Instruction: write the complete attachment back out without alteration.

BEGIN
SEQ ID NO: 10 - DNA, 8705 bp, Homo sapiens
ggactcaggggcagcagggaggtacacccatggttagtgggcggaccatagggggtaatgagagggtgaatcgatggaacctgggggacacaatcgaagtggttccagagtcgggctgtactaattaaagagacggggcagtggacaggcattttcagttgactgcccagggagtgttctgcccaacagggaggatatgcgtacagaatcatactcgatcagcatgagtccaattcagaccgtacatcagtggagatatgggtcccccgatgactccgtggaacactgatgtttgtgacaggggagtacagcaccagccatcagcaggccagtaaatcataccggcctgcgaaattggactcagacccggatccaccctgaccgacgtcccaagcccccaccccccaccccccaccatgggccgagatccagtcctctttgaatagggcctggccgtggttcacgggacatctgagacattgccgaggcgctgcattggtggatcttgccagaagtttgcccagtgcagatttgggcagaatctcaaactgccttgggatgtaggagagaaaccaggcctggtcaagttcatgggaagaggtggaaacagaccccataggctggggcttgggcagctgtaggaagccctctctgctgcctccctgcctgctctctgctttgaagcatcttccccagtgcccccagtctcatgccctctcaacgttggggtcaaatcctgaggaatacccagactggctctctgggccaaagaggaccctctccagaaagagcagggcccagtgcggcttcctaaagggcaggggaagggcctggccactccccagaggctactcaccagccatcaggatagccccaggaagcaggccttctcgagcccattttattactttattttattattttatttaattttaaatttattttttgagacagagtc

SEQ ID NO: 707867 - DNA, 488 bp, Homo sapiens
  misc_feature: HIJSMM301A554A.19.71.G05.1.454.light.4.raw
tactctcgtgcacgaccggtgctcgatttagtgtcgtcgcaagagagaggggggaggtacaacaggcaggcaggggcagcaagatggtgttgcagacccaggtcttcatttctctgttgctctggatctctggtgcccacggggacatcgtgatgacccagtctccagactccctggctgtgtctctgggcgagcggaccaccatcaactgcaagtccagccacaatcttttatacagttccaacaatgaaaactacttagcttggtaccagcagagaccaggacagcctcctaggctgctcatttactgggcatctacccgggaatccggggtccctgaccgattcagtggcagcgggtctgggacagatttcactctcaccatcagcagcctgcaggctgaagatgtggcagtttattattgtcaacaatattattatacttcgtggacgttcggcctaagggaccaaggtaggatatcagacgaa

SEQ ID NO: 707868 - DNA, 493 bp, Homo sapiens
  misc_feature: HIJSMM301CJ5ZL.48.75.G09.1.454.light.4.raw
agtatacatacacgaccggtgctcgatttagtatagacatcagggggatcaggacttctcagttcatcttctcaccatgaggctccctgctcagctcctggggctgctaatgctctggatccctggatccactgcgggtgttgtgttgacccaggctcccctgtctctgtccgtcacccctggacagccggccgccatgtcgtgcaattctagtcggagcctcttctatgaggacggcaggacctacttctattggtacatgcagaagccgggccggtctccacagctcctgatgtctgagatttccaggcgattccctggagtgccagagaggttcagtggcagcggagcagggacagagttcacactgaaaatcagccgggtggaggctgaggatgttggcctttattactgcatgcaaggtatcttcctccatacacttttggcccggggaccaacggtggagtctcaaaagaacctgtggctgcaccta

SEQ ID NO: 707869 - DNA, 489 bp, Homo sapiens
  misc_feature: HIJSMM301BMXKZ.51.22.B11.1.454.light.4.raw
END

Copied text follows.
SEQ ID NO: 10 - DNA, 8705 bp, Homo sapiens
ggactcaggggcagcagggaggtacacccatggttagtgggcggaccatagggggtaatgagagggtgaatcgatggaacctgggggacacaatcgaagtggttccagagtcgggctgtactaattaaagagacggggcagtggacaggcattttcagttgactgcccagggagtgttctgcccaacagggaggatatgcgtacagaatcatactcgatcagcatgagtccaattcagaccgtacatcagtggagatatgggtcccccgatgactccgtggaacactgatgtttgtgacaggggagtacagcaccagccatcagcaggccagtaaatcataccggcctgcgaaattggactcagacccggatccaccctgaccgacgtcccaagcccccaccccccaccccccaccatgggccgagatccagtcctctttgaatagggcctggccgtggttcacgggacatctgagacattgccgaggcgctgcattggtggatcttgccagaagtttgcccagtgcagatttgggcagaatctcaaactgccttgggatgtaggagagaaaccaggcctggtcaagttcatgggaagaggtggaaacagaccccataggctggggcttgggcagctgtaggaagccctctctgctgcctccctgcctgctctctgctttgaagcatcttccccagtgcccccagtctcatgccctctcaacgttggggtcaaatcctgaggaatacccagactggctctctgggccaaagaggaccctctccagaaagagcagggcccagtgcggcttcctaaagggcaggggaagggcctggccactccccagaggctactcaccagccatcaggatagccccaggaagcaggccttctcgagcccattttattactttattttattattttatttaattttaaatttattttttgagacagagtc

SEQ ID NO: 707867 - DNA, 488 bp, Homo sapiens
  misc_feature: HIJSMM301A554A.19.71.G05.1.454.light.4.raw
tactctcgtgcacgaccggtgctcgatttagtgtcgtcgcaagagagaggggggaggtacaacaggcaggcaggggcagcaagatggtgttgcagacccaggtcttcatttctctgttgctctggatctctggtgcccacggggacatcgtgatgacccagtctccagactccctggctgtgtctctgggcgagcggaccaccatcaactgcaagtccagccacaatcttttatacagttccaacaatgaaaactacttagcttggtaccagcagagaccaggacagcctcctaggctgctcatttactgggcatctacccgggaatccggggtccctgaccgattcagtggcagcgggtctgggacagatttcactctcaccatcagcagcctgcaggctgaagatgtggcagtttattattgtcaacaatattattatacttcgtggacgttcggcctaagggaccaaggtaggatatcagacgaa

SEQ ID NO: 707868 - DNA, 493 bp, Homo sapiens
  misc_feature: HIJSMM301CJ5ZL.48.75.G09.1.454.light.4.raw
agtatacatacacgaccggtgctcgatttagtatagacatcagggggatcaggacttctcagttcatcttctcaccatgaggctccctgctcagctcctggggctgctaatgctctggatccctggatccactgcgggtgttgtgttgacccaggctcccctgtctctgtccgtcacccctggacagccggccgccatgtcgtgcaattctagtcggagcctcttctatgaggacggcaggacctacttctattggtacatgcagaagccgggccggtctccacagctcctgatgtctgagatttccaggcgattccctggagtgccagagaggttcagtggcagcggagcagggacagagttcacactgaaaatcagccgggtggaggctgaggatgttggcctttattactgcatgcaaggtatcttcctccatacacttttggcccggggaccaacggtggagtctcaaaagaacctgtggctgcaccta

SEQ ID NO: 707869 - DNA, 489 bp, Homo sapiens
  misc_feature: HIJSMM301BMXKZ.51.22.B11.1.454.light.4.raw